The first use of the word “capitalism” has been credited to an 1855 British novel, The Newcomes, which narrates the story of an English family who became wealthy through business and marrying into money (Thackeray 1996). While the term retained associations with wealth, “capitalism” is commonly linked to Adam Smith and Karl Marx, two political economists whose writings about society were published one hundred years apart and who held opposing views regarding capitalism. These views became schools of thought and have influenced and divided the world in opposing camps until today. What follows briefly describes (a) key elements of Smith’s and Marx’s views; (b) the roots of capitalism in the Latin American region; and (c) the nexus between capitalism and migration from the Dominican Republic to the United States.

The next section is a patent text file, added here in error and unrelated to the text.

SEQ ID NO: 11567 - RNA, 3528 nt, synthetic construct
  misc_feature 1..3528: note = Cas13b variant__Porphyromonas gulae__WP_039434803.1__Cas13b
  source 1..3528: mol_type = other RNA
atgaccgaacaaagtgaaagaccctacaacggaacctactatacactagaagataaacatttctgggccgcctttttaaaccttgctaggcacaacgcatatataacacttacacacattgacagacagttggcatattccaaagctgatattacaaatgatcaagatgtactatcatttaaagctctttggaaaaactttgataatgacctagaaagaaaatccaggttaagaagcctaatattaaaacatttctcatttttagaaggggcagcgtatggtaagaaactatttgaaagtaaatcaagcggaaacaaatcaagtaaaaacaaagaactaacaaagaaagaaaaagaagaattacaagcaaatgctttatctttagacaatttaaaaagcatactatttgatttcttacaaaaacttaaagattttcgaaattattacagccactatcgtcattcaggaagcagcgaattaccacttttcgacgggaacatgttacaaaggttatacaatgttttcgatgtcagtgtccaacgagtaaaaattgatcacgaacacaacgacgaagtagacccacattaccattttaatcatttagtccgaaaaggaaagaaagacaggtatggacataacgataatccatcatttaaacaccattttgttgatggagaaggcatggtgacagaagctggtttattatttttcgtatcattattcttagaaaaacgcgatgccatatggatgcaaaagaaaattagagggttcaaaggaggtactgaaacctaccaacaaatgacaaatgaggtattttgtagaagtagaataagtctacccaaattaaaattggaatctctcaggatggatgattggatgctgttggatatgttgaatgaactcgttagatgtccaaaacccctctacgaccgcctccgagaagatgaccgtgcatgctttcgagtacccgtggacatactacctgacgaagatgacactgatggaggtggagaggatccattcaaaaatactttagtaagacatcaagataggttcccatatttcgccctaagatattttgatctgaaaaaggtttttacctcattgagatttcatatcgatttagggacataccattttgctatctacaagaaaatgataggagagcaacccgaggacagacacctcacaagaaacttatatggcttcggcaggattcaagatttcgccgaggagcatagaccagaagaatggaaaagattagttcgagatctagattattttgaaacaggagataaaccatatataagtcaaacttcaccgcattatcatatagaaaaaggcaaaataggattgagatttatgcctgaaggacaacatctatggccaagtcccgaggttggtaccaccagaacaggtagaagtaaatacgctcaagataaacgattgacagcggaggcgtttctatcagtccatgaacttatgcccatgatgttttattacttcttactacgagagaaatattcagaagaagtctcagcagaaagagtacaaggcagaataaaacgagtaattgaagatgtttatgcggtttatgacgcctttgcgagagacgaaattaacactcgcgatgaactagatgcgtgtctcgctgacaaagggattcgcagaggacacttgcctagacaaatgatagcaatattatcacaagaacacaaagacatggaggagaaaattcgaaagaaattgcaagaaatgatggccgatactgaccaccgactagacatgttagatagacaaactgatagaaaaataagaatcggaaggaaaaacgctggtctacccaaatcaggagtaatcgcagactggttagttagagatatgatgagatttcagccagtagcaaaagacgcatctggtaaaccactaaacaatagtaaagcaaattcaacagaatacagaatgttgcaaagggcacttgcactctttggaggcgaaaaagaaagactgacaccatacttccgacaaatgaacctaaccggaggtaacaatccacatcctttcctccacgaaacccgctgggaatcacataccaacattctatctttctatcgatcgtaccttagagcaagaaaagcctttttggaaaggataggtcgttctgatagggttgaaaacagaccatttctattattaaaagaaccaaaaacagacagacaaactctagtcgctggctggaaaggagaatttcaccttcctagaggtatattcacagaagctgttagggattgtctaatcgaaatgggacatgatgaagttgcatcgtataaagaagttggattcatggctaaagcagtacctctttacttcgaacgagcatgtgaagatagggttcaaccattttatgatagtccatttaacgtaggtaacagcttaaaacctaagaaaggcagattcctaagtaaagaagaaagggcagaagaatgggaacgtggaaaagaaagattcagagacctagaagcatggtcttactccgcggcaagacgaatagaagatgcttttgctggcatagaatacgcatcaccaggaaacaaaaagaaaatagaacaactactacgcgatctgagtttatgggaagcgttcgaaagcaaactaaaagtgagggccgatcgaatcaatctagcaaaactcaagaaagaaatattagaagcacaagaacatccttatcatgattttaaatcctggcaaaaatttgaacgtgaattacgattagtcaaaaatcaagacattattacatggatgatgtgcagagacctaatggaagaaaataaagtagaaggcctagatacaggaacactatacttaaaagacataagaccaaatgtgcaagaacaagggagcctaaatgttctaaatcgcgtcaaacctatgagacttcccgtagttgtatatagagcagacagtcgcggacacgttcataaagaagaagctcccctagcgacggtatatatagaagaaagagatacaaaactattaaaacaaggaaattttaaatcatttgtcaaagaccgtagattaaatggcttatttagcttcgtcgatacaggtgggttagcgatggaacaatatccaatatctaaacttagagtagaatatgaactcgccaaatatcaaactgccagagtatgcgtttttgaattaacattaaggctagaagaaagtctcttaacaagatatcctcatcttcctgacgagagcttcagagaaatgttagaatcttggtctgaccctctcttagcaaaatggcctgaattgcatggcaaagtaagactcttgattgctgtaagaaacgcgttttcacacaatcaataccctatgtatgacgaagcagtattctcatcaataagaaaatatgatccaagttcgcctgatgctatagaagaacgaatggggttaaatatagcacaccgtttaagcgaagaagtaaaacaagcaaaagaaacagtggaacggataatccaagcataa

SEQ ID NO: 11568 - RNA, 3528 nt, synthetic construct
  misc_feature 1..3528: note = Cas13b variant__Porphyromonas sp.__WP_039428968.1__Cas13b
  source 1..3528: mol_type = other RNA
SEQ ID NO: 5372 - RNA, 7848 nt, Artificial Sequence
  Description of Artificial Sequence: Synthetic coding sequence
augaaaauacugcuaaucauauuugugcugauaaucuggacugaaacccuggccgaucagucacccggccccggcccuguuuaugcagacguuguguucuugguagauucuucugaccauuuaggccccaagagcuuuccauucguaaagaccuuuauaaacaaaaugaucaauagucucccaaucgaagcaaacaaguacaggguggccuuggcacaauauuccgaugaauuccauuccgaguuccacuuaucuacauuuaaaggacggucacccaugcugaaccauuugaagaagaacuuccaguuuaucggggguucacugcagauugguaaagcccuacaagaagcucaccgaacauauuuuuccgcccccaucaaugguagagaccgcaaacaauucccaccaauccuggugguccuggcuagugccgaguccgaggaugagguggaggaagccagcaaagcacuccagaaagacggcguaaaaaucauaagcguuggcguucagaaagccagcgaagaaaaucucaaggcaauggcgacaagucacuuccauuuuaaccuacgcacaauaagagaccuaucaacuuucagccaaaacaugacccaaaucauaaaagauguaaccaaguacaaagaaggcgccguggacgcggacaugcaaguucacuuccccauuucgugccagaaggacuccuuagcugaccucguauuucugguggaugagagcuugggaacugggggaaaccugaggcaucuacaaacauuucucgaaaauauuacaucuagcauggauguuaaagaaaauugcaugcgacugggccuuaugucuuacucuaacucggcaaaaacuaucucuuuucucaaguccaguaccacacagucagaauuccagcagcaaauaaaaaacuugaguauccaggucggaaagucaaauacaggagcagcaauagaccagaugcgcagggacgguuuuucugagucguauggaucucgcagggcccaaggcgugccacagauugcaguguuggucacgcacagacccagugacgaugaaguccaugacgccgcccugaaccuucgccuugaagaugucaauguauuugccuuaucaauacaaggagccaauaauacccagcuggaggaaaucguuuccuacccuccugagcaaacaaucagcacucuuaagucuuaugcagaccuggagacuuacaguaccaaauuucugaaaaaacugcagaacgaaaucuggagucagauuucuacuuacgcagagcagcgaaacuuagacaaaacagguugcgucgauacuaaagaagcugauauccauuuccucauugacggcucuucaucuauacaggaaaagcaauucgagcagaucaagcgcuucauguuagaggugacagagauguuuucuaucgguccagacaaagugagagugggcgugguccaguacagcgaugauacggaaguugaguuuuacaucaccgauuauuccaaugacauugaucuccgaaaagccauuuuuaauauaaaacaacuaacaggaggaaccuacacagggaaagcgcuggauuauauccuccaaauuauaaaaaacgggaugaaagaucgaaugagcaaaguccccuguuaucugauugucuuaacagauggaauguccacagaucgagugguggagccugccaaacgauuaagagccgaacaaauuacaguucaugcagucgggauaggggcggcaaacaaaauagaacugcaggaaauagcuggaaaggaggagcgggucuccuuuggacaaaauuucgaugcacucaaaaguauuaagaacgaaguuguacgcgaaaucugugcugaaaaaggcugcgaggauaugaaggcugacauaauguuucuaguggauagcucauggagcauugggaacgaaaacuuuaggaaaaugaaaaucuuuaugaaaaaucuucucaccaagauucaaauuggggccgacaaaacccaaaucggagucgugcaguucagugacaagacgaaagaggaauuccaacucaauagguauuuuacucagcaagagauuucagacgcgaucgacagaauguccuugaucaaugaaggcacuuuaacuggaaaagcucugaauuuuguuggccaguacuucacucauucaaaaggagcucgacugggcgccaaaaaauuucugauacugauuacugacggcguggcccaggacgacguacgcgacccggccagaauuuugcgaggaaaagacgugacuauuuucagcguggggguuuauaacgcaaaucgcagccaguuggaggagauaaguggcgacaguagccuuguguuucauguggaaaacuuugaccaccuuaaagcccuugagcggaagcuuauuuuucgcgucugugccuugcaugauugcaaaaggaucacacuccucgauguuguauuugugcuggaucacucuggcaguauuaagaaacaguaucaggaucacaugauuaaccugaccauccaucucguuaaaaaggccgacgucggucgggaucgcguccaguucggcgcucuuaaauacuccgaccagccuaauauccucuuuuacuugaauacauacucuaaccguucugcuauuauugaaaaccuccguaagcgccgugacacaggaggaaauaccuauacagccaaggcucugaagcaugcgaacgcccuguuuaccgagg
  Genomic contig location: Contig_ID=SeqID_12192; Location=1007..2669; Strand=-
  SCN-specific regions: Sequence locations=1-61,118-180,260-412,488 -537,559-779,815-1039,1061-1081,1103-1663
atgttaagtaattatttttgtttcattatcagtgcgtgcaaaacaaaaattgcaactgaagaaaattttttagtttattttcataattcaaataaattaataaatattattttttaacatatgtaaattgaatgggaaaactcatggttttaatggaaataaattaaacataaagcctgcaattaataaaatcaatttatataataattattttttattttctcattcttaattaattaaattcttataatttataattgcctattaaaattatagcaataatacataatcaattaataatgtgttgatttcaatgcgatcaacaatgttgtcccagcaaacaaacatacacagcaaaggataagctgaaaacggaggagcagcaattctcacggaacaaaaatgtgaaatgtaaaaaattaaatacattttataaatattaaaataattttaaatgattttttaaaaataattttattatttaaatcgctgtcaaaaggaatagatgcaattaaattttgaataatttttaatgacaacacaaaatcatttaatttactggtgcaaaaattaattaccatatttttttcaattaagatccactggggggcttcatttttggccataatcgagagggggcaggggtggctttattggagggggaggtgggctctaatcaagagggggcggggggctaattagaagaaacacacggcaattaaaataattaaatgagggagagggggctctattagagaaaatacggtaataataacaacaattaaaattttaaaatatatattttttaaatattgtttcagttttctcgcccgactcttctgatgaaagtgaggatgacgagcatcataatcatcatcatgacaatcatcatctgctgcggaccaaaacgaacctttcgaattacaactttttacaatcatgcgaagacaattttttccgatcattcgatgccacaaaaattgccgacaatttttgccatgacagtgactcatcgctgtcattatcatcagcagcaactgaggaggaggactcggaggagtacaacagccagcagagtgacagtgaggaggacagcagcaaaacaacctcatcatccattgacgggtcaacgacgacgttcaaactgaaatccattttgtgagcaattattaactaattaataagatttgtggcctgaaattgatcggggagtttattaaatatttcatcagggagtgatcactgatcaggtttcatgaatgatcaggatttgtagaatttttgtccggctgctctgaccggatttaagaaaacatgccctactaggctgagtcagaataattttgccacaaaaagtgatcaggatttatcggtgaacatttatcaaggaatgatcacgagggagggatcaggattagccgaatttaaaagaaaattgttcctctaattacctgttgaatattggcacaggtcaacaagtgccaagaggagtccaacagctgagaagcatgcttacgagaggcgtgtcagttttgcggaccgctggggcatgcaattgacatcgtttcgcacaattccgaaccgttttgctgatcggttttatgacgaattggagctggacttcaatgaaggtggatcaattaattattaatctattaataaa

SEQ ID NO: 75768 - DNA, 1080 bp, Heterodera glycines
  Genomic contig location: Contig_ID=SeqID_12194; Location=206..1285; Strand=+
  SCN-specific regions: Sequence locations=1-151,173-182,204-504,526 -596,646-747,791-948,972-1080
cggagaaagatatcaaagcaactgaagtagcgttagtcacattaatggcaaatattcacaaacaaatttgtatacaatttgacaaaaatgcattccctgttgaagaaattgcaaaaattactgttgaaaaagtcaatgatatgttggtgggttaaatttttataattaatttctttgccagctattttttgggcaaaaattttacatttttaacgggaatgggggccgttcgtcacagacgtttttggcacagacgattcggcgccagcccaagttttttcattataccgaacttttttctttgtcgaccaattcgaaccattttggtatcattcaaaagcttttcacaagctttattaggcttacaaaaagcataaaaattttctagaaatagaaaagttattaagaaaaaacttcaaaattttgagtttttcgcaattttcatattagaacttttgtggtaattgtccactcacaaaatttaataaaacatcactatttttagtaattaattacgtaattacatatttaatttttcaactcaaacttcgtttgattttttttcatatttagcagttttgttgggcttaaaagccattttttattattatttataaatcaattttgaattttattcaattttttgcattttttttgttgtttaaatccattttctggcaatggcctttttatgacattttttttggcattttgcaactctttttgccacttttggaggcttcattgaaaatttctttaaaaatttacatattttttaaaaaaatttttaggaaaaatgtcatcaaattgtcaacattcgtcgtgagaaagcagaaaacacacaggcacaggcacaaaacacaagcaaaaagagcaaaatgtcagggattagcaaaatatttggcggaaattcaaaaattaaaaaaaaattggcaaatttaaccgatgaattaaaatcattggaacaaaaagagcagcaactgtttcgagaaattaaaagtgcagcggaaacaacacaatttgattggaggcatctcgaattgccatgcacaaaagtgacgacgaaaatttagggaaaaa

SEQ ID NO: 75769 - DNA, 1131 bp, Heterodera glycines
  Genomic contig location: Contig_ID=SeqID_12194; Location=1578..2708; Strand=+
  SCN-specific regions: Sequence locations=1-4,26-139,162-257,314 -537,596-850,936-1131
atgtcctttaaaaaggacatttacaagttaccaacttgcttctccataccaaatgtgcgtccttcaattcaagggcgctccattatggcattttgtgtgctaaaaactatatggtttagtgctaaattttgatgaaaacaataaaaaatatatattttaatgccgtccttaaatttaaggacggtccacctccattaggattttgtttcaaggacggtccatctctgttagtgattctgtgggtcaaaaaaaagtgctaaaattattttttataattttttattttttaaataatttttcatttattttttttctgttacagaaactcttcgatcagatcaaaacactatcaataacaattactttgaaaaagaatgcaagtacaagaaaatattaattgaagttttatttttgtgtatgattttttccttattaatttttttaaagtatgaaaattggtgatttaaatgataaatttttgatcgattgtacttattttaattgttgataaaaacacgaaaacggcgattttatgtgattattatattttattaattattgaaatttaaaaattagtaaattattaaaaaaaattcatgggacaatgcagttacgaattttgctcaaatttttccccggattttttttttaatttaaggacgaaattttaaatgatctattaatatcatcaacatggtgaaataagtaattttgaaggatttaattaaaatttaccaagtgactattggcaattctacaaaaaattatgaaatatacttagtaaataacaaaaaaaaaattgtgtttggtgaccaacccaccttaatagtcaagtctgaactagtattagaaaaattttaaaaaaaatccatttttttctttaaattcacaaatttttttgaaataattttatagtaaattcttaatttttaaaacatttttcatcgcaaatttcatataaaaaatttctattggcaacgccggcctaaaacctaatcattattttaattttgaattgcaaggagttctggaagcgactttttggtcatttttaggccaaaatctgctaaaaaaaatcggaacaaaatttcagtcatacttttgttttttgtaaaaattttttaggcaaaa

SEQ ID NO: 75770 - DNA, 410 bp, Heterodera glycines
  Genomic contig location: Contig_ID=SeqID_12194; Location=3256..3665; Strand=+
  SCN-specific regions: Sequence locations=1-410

This essay may be found on page 28 of the printed volume.

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